Coordination vs collaboration: understanding the key differences
How are coordination and collaboration different? And when should you focus on one more than the other?
Coordination and collaboration: what’s the difference?
They may seem alike, but coordination and collaboration mean different things, especially in a workplace context. Collaboration can’t happen without coordination and yet it’s possible to coordinate without collaborating.
So how are coordination and collaboration defined?
Coordination: is about making all the people involved in a plan or activity work together in an organized way
Collaboration: is where two or more people work together to create or achieve the same thing
What’s the difference? Coordination refers to the planning stage of a task and collaboration happens at the working stage. The words themselves say it all: ‘ordinate’ means to put in order (or plan), ‘labor’ refers to work, while ‘co’ means doing something together.
These definitions leave room for another approach: cooperation – working together with someone or doing what they ask you. Cooperation can happen at the planning and working stage. It’s a constant that compliments both coordination and collaboration.
What happens if you don’t use the right approach at the right time? The answer is simple. Collaboration when it isn’t needed can slow progress and hinder decision making. A lack of coordination can lead team members to double up on tasks or get delayed when waiting on decisions or deliverables from their colleagues. In both cases, time is wasted, resources are misused, and money is lost. And that’s before we consider the impact on deadlines and clients.
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When is workplace coordination important?
We know that coordination is needed in the planning stages of a project. Only when we can map out all the work needed, can we start to organize tasks effectively.
That doesn’t mean coordination in the workplace should be limited to less complex projects. In fact, the planned-out approach is particularly useful when managing complicated projects with a high number of dependencies, or tasks that rely on the completion of other tasks, typically between cross-functional teams.
A coordinated approach is also useful when organizing predictable tasks – those jobs where we’re not going to learn something new as we carry out the work. When processes and outcomes follow a linear path, project managers can delegate work with confidence.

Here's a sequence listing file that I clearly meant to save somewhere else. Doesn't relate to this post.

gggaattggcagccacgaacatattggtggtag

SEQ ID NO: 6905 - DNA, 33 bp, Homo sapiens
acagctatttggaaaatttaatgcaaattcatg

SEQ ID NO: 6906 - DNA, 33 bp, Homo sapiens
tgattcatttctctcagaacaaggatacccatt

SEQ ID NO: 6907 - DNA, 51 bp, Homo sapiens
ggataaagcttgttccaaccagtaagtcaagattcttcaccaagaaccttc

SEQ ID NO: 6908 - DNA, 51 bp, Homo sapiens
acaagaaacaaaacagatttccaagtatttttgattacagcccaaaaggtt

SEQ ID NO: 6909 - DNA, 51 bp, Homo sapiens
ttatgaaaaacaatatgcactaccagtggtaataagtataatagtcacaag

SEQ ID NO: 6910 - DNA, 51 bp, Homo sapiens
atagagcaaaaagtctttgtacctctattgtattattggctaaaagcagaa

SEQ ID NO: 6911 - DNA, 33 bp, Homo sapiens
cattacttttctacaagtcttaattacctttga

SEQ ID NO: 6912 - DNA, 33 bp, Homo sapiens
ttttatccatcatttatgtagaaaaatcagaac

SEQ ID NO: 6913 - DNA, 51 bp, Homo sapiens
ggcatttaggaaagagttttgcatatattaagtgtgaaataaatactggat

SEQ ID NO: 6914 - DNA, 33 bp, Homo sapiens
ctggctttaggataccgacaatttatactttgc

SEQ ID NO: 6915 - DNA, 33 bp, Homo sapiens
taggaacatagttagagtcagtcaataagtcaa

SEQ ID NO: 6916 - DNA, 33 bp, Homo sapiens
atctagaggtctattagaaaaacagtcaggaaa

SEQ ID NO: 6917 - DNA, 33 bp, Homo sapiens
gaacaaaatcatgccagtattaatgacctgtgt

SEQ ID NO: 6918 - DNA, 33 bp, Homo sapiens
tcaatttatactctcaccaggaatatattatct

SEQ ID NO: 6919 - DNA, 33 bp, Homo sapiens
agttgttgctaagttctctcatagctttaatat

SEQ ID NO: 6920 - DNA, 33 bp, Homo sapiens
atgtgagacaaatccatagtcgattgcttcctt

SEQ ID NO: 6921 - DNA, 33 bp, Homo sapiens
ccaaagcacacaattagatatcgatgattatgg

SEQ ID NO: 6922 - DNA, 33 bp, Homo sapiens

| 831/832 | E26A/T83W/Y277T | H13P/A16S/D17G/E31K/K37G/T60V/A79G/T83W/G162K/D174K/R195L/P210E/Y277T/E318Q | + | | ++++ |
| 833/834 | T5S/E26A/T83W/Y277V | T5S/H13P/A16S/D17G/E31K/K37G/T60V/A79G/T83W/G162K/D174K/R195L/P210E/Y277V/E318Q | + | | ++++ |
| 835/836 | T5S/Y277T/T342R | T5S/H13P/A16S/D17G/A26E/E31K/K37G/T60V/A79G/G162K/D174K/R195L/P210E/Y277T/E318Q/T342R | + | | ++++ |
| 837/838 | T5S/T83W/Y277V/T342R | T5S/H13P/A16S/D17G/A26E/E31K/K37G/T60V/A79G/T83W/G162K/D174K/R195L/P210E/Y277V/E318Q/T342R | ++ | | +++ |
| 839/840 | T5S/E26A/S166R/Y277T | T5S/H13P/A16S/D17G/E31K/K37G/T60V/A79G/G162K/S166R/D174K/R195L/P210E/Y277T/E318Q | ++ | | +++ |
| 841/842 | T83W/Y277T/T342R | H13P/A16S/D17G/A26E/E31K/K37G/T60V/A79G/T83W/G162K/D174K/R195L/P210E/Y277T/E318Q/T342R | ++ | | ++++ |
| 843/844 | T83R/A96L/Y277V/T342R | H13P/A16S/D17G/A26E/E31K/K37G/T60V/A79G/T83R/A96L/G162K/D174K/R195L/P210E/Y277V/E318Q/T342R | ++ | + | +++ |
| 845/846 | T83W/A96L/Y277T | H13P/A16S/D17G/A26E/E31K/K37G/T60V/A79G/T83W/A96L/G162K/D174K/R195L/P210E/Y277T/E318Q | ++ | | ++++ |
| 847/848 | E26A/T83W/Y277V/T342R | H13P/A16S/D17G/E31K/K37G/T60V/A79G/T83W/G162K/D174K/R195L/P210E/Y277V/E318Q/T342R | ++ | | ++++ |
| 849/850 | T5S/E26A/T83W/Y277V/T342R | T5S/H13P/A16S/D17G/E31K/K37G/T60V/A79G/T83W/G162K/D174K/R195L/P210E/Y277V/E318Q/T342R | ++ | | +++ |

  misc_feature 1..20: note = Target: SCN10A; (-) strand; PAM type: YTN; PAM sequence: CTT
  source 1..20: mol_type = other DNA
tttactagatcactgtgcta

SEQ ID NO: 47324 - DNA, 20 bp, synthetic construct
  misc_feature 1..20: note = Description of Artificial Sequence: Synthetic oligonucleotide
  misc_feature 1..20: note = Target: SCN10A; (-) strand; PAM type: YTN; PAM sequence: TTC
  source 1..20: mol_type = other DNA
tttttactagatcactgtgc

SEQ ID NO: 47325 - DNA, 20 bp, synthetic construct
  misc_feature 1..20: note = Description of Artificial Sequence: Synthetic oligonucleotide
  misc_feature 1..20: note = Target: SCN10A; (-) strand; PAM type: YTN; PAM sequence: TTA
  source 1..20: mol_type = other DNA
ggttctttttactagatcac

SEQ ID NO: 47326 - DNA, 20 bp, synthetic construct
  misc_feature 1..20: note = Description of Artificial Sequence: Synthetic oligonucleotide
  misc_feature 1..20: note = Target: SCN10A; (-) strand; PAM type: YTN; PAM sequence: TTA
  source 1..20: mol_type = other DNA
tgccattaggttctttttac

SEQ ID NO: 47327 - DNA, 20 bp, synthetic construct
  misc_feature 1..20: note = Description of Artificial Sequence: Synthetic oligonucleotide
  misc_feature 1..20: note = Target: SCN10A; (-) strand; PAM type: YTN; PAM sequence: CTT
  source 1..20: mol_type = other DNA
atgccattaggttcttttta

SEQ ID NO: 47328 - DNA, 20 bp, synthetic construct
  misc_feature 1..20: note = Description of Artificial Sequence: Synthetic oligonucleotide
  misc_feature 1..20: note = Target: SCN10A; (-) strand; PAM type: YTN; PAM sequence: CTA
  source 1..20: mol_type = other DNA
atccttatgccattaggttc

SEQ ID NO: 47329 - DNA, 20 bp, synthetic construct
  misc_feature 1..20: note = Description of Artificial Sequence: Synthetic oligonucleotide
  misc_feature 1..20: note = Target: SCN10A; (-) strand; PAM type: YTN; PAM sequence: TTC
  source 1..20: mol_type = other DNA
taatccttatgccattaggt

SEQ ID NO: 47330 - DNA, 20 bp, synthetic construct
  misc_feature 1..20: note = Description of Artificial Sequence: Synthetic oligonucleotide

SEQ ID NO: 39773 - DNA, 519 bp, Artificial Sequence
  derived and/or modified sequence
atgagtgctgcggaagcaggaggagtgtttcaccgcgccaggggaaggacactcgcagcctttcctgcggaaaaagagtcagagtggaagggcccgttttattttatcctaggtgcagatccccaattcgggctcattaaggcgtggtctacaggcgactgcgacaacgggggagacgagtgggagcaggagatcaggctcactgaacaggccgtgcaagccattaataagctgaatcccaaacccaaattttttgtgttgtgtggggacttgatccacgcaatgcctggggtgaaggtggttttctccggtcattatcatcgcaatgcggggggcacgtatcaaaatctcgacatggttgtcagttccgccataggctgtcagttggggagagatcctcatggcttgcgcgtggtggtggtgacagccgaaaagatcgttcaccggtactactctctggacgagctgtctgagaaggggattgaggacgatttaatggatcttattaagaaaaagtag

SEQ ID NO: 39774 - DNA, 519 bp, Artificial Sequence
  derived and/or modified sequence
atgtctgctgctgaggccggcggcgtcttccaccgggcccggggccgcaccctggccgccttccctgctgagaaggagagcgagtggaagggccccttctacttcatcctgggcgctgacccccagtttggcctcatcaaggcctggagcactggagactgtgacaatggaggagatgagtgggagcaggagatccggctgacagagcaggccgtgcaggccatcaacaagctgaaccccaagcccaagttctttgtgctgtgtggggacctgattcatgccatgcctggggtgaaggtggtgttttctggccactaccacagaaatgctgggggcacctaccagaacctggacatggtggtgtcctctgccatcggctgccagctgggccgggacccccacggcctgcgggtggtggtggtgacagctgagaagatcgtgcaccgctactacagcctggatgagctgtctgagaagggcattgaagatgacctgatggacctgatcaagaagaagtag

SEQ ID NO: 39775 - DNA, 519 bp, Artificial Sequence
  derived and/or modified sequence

But even the most predictable of projects can throw up surprises and run off course, so it’s important to treat workplace coordination as a continuous process – to check in on deliverables and their deadlines regularly, to understand the implications on the rest of your project.
Coordination gives your team the license to work independently on specific tasks, without the need to consult their co-workers for their knowledge or guidance. It allows colleagues to work both independently and simultaneously and – unlike a collaborative approach – adding more people to a coordinated task should make things run quicker.
Finally, coordination works well in tasks that can be repeated. By carrying out the same task multiple times and learning from them, your organization should be able to plan for any hurdles that crop up in the future.
When is workplace collaboration important?
Collaboration should be treated as a way of learning – an approach that makes the most sense when working on something new. By bringing a wide range of people and their knowledge and perspectives together, businesses can solve problems and fill gaps for better results. Uncertainties and risks are possible but by working together, organizations can minimize the unknowns in a project.
The collective approach is particularly useful when one or more team members understand what they’re trying to achieve but might not know how to get there. It’s one of the reasons why collaboration can help when coordinating. Planning a project alongside colleagues can help to build a fuller picture of what’s involved in a task and will prove useful when making decisions.
One of collaboration’s greatest strengths is its responsiveness. Like a live document being edited by two people at once, it allows for almost immediate feedback and amends. Not only does it provide answers, but it helps to produce better-quality work.